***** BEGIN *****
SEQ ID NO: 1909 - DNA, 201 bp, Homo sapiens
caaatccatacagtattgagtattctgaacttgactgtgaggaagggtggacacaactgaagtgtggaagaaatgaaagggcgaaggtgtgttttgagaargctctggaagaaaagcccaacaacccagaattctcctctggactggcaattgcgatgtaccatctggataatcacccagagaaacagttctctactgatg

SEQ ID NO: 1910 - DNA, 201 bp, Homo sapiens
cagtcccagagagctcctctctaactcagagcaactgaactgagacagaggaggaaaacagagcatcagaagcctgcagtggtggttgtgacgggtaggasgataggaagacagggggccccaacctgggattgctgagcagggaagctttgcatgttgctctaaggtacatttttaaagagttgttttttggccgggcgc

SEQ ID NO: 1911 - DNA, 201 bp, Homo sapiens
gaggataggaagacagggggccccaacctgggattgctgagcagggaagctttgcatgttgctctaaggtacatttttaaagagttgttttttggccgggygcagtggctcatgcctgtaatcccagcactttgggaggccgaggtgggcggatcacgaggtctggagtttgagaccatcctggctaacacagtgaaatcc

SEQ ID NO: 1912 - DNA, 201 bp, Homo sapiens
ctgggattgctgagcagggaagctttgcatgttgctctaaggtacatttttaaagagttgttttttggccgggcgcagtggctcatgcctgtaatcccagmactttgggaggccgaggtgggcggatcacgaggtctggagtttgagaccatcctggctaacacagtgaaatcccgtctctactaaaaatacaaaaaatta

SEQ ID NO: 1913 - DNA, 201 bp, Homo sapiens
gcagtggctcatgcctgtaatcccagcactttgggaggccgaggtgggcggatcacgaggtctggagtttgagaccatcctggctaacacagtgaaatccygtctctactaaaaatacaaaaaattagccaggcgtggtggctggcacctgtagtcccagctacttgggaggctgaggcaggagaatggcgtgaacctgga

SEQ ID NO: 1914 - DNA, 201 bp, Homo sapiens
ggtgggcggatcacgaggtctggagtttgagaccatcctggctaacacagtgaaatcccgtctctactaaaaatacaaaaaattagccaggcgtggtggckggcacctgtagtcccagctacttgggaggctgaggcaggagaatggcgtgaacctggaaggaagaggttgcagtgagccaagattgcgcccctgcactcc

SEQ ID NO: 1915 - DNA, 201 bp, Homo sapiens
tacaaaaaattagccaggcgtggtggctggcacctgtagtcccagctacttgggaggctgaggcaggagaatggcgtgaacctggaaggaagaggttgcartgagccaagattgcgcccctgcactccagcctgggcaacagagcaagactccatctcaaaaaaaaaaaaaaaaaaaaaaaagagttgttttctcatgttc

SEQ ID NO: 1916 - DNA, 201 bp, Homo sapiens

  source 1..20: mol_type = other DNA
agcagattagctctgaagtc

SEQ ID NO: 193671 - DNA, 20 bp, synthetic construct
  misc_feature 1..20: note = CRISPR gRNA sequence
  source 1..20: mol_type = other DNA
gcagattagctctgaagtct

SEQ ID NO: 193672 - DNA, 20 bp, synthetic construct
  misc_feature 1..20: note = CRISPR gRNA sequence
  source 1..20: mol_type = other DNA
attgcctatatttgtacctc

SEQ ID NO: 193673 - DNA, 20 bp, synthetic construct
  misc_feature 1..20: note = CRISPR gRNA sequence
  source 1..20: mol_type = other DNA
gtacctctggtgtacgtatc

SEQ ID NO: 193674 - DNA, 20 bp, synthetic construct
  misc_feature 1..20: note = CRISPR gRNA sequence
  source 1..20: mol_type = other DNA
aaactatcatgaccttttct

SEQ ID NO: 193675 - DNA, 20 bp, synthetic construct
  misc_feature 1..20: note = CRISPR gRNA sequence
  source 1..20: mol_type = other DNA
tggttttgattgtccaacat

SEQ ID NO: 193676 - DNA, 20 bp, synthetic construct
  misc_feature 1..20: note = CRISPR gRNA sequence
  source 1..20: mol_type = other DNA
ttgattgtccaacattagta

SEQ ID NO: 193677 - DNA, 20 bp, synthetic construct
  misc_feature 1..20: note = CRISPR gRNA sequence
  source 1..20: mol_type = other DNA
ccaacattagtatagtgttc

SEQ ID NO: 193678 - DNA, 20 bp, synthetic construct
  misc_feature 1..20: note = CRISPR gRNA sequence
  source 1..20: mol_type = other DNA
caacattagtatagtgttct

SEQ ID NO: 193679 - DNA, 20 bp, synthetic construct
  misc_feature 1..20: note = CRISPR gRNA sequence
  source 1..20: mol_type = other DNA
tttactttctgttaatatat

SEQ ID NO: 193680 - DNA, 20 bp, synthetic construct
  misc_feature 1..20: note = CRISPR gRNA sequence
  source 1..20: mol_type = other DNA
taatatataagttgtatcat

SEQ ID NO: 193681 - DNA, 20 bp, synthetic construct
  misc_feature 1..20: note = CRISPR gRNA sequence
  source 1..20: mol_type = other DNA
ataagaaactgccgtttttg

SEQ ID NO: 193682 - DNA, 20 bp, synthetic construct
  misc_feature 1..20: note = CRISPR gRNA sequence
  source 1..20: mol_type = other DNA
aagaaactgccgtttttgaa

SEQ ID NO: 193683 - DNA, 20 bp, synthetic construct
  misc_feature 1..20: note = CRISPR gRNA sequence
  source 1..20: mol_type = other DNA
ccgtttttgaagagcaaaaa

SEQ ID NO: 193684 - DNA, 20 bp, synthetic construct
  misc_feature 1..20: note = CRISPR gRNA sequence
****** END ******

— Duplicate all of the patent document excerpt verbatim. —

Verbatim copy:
SEQ ID NO: 1909 - DNA, 201 bp, Homo sapiens
caaatccatacagtattgagtattctgaacttgactgtgaggaagggtggacacaactgaagtgtggaagaaatgaaagggcgaaggtgtgttttgagaargctctggaagaaaagcccaacaacccagaattctcctctggactggcaattgcgatgtaccatctggataatcacccagagaaacagttctctactgatg

SEQ ID NO: 1910 - DNA, 201 bp, Homo sapiens
cagtcccagagagctcctctctaactcagagcaactgaactgagacagaggaggaaaacagagcatcagaagcctgcagtggtggttgtgacgggtaggasgataggaagacagggggccccaacctgggattgctgagcagggaagctttgcatgttgctctaaggtacatttttaaagagttgttttttggccgggcgc

SEQ ID NO: 1911 - DNA, 201 bp, Homo sapiens
gaggataggaagacagggggccccaacctgggattgctgagcagggaagctttgcatgttgctctaaggtacatttttaaagagttgttttttggccgggygcagtggctcatgcctgtaatcccagcactttgggaggccgaggtgggcggatcacgaggtctggagtttgagaccatcctggctaacacagtgaaatcc

SEQ ID NO: 1912 - DNA, 201 bp, Homo sapiens
ctgggattgctgagcagggaagctttgcatgttgctctaaggtacatttttaaagagttgttttttggccgggcgcagtggctcatgcctgtaatcccagmactttgggaggccgaggtgggcggatcacgaggtctggagtttgagaccatcctggctaacacagtgaaatcccgtctctactaaaaatacaaaaaatta

SEQ ID NO: 1913 - DNA, 201 bp, Homo sapiens
gcagtggctcatgcctgtaatcccagcactttgggaggccgaggtgggcggatcacgaggtctggagtttgagaccatcctggctaacacagtgaaatccygtctctactaaaaatacaaaaaattagccaggcgtggtggctggcacctgtagtcccagctacttgggaggctgaggcaggagaatggcgtgaacctgga

SEQ ID NO: 1914 - DNA, 201 bp, Homo sapiens
ggtgggcggatcacgaggtctggagtttgagaccatcctggctaacacagtgaaatcccgtctctactaaaaatacaaaaaattagccaggcgtggtggckggcacctgtagtcccagctacttgggaggctgaggcaggagaatggcgtgaacctggaaggaagaggttgcagtgagccaagattgcgcccctgcactcc

SEQ ID NO: 1915 - DNA, 201 bp, Homo sapiens
tacaaaaaattagccaggcgtggtggctggcacctgtagtcccagctacttgggaggctgaggcaggagaatggcgtgaacctggaaggaagaggttgcartgagccaagattgcgcccctgcactccagcctgggcaacagagcaagactccatctcaaaaaaaaaaaaaaaaaaaaaaaagagttgttttctcatgttc

SEQ ID NO: 1916 - DNA, 201 bp, Homo sapiens

  source 1..20: mol_type = other DNA
agcagattagctctgaagtc

SEQ ID NO: 193671 - DNA, 20 bp, synthetic construct
  misc_feature 1..20: note = CRISPR gRNA sequence
  source 1..20: mol_type = other DNA
gcagattagctctgaagtct

SEQ ID NO: 193672 - DNA, 20 bp, synthetic construct
  misc_feature 1..20: note = CRISPR gRNA sequence
  source 1..20: mol_type = other DNA
attgcctatatttgtacctc

SEQ ID NO: 193673 - DNA, 20 bp, synthetic construct
  misc_feature 1..20: note = CRISPR gRNA sequence
  source 1..20: mol_type = other DNA
gtacctctggtgtacgtatc

SEQ ID NO: 193674 - DNA, 20 bp, synthetic construct
  misc_feature 1..20: note = CRISPR gRNA sequence
  source 1..20: mol_type = other DNA
aaactatcatgaccttttct

SEQ ID NO: 193675 - DNA, 20 bp, synthetic construct
  misc_feature 1..20: note = CRISPR gRNA sequence
  source 1..20: mol_type = other DNA
tggttttgattgtccaacat

SEQ ID NO: 193676 - DNA, 20 bp, synthetic construct
  misc_feature 1..20: note = CRISPR gRNA sequence
  source 1..20: mol_type = other DNA
ttgattgtccaacattagta

SEQ ID NO: 193677 - DNA, 20 bp, synthetic construct
  misc_feature 1..20: note = CRISPR gRNA sequence
  source 1..20: mol_type = other DNA
ccaacattagtatagtgttc

SEQ ID NO: 193678 - DNA, 20 bp, synthetic construct
  misc_feature 1..20: note = CRISPR gRNA sequence
  source 1..20: mol_type = other DNA
caacattagtatagtgttct

SEQ ID NO: 193679 - DNA, 20 bp, synthetic construct
  misc_feature 1..20: note = CRISPR gRNA sequence
  source 1..20: mol_type = other DNA
tttactttctgttaatatat

SEQ ID NO: 193680 - DNA, 20 bp, synthetic construct
  misc_feature 1..20: note = CRISPR gRNA sequence
  source 1..20: mol_type = other DNA
taatatataagttgtatcat

SEQ ID NO: 193681 - DNA, 20 bp, synthetic construct
  misc_feature 1..20: note = CRISPR gRNA sequence
  source 1..20: mol_type = other DNA
ataagaaactgccgtttttg

SEQ ID NO: 193682 - DNA, 20 bp, synthetic construct
  misc_feature 1..20: note = CRISPR gRNA sequence
  source 1..20: mol_type = other DNA
aagaaactgccgtttttgaa

SEQ ID NO: 193683 - DNA, 20 bp, synthetic construct
  misc_feature 1..20: note = CRISPR gRNA sequence
  source 1..20: mol_type = other DNA
ccgtttttgaagagcaaaaa

SEQ ID NO: 193684 - DNA, 20 bp, synthetic construct
  misc_feature 1..20: note = CRISPR gRNA sequence